Get real, Bollywood: Acclaimed Iranian director Majid Majidi points out flaws in our filmmaking
Although Majid Majidi needs no introduction to the cinephiles across the globe, his name is suddenly resonating across India thanks to his recent release, Beyond The Clouds. That’s not only because the film is set in the underbelly of Mumbai, but also because this is essentially an Indian film, made partly in Hindi.
Interviewing Majidi is difficult: he speaks neither English nor Hindi. I have his translator, Mr Mirseraji aka Surya, to help me. But photojournalist Prabhat Shetty was not as lucky. He’d started shooting before Surya and I entered the room, and without subtitles, many of his instructions were lost in translation. Still, when Majidi examines the photos, he flashes that elusive smile, points out his favourites, and pats Prabhat on his back. Clearly, art and human emotions can transcend the boundaries of language, a message that Majidi’s films also convey.
The song of sparrows
The title of Majidi’s 2008 film, The Song of Sparrows, sums up the entire oeuvre of his films. Just like sparrows, the characters of his films are small, ordinary people who live humdrum lives in concrete jungles. Only if you stop and really look and listen can you hear their individual life songs and see the beauty in the mundane. Majidi can create classics out of themes as simple as a little girl losing her shoes, or a father going to the city to buy a hearing aid for his daughter.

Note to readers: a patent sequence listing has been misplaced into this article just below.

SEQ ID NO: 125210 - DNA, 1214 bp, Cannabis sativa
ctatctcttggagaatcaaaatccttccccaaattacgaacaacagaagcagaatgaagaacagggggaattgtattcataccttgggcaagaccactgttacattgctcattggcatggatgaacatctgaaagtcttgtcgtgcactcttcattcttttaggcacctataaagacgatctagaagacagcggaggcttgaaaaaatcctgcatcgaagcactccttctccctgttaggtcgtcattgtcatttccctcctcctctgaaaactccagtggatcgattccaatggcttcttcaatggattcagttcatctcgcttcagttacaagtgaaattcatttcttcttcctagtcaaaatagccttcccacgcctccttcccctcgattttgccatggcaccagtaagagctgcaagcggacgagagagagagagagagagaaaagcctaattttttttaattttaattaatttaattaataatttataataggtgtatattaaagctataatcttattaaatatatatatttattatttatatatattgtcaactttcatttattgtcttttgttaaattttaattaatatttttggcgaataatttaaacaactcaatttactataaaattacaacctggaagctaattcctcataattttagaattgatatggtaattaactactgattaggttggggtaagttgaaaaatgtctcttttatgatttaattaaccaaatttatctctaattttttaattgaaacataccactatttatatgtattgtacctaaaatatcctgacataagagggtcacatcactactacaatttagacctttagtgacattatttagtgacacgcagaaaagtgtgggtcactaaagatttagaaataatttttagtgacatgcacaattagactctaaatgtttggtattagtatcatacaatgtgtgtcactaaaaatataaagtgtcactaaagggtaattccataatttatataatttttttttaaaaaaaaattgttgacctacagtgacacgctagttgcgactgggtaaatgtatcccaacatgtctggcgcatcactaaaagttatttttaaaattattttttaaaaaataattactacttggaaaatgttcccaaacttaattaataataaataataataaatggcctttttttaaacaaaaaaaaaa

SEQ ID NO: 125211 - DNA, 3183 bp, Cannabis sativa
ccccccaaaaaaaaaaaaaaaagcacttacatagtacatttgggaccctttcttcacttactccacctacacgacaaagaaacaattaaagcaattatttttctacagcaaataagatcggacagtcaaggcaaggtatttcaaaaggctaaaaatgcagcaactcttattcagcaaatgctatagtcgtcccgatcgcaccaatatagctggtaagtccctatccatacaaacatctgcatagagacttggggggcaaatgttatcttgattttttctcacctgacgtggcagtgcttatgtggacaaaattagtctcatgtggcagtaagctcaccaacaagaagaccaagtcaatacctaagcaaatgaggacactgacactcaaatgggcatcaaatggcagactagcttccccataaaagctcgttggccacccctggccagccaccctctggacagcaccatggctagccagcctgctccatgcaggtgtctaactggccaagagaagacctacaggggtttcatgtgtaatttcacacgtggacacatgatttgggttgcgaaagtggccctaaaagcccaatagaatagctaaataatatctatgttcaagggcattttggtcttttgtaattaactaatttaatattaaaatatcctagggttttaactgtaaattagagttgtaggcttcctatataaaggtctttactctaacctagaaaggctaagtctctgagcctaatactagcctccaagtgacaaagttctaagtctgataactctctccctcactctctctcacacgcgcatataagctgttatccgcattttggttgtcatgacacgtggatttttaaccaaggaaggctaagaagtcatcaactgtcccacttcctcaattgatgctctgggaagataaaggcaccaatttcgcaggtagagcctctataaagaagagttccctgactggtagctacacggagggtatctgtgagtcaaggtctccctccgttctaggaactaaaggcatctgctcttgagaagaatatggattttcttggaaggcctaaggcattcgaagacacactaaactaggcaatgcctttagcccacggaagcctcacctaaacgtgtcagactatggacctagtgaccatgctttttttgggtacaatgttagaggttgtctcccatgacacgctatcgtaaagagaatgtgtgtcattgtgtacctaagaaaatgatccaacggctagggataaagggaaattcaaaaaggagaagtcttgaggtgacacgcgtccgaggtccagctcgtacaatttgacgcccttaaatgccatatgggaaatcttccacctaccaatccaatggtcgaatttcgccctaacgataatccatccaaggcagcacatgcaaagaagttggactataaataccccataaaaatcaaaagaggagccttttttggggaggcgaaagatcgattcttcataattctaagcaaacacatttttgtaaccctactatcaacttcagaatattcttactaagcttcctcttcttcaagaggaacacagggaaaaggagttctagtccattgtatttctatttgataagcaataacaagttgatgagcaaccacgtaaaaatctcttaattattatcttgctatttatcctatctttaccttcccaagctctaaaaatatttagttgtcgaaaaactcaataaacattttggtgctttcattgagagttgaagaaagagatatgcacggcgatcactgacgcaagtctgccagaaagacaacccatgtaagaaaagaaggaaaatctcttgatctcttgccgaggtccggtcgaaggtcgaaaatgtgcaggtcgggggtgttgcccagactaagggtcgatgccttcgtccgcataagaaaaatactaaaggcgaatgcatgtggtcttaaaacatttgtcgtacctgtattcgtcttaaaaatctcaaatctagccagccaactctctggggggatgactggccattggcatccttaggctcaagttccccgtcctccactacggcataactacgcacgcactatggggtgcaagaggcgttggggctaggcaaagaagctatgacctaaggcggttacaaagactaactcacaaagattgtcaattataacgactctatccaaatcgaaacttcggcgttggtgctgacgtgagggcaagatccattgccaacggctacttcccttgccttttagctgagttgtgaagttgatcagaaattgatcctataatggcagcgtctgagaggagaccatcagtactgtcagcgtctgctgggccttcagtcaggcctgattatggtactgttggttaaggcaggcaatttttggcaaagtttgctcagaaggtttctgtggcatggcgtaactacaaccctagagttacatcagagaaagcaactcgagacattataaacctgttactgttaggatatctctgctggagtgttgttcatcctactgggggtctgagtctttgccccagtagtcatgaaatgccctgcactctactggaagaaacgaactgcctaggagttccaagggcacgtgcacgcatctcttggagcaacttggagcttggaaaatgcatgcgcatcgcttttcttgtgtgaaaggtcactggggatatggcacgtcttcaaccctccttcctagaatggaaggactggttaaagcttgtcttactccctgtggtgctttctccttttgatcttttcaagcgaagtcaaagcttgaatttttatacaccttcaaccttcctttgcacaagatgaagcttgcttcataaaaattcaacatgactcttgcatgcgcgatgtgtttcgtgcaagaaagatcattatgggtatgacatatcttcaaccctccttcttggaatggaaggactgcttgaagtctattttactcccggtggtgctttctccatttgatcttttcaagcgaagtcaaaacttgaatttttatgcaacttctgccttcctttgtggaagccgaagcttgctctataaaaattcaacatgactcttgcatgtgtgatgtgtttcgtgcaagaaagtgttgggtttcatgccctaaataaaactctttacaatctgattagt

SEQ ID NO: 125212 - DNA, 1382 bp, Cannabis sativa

“There are so many stories around us,” Majidi says. “Yesterday, I saw a man taking a bath on the road. He had a tiny bucket of water. I had just enjoyed a lavish shower in the hotel, and was feeling rather guilty about my privilege. Then I saw how much he was enjoying his bath; he seemed happy with what he had. He is probably living a more fulfilling life than me.”
The search for these real stories had brought the Iranian auteur to India. “I am fascinated how human life plays out in the streets of this city,” he says. “You see a woman making rotis on the side of the pavement while the stream of humanity walks past her. She is unperturbed. I have always been keenly interested in watching people in their intimate spaces, I am curious to know how life unfolds behind the walls. In the streets of Bombay, there are no walls to obstruct your view. These are stories unfolding right in front of you. I want to translate these on celluloid.”
The similarities in culture and language between India and Iran also drew Majidi to Mumbai. “I was introduced to India and Indian cinema through the films of Satyajit Ray. My vision is deeply influenced by his slice-of-life cinema. But we don’t usually see this life reflected in Bollywood cinema. How you see life and how you project it on screen are very important. India needs to tell stories that talk about the real India and not of a make-believe world, and needs to do it in a far more artistic way, armed with more nuanced scripts.”
Majidi’s films often explore the beauty of Islamic tradition while exposing its negative aspects, especially the politically motivated version of ‘Islam’. But he uses symbolism to smoothen the rough edges of realism, a concept rooted in the country’s literary heritage.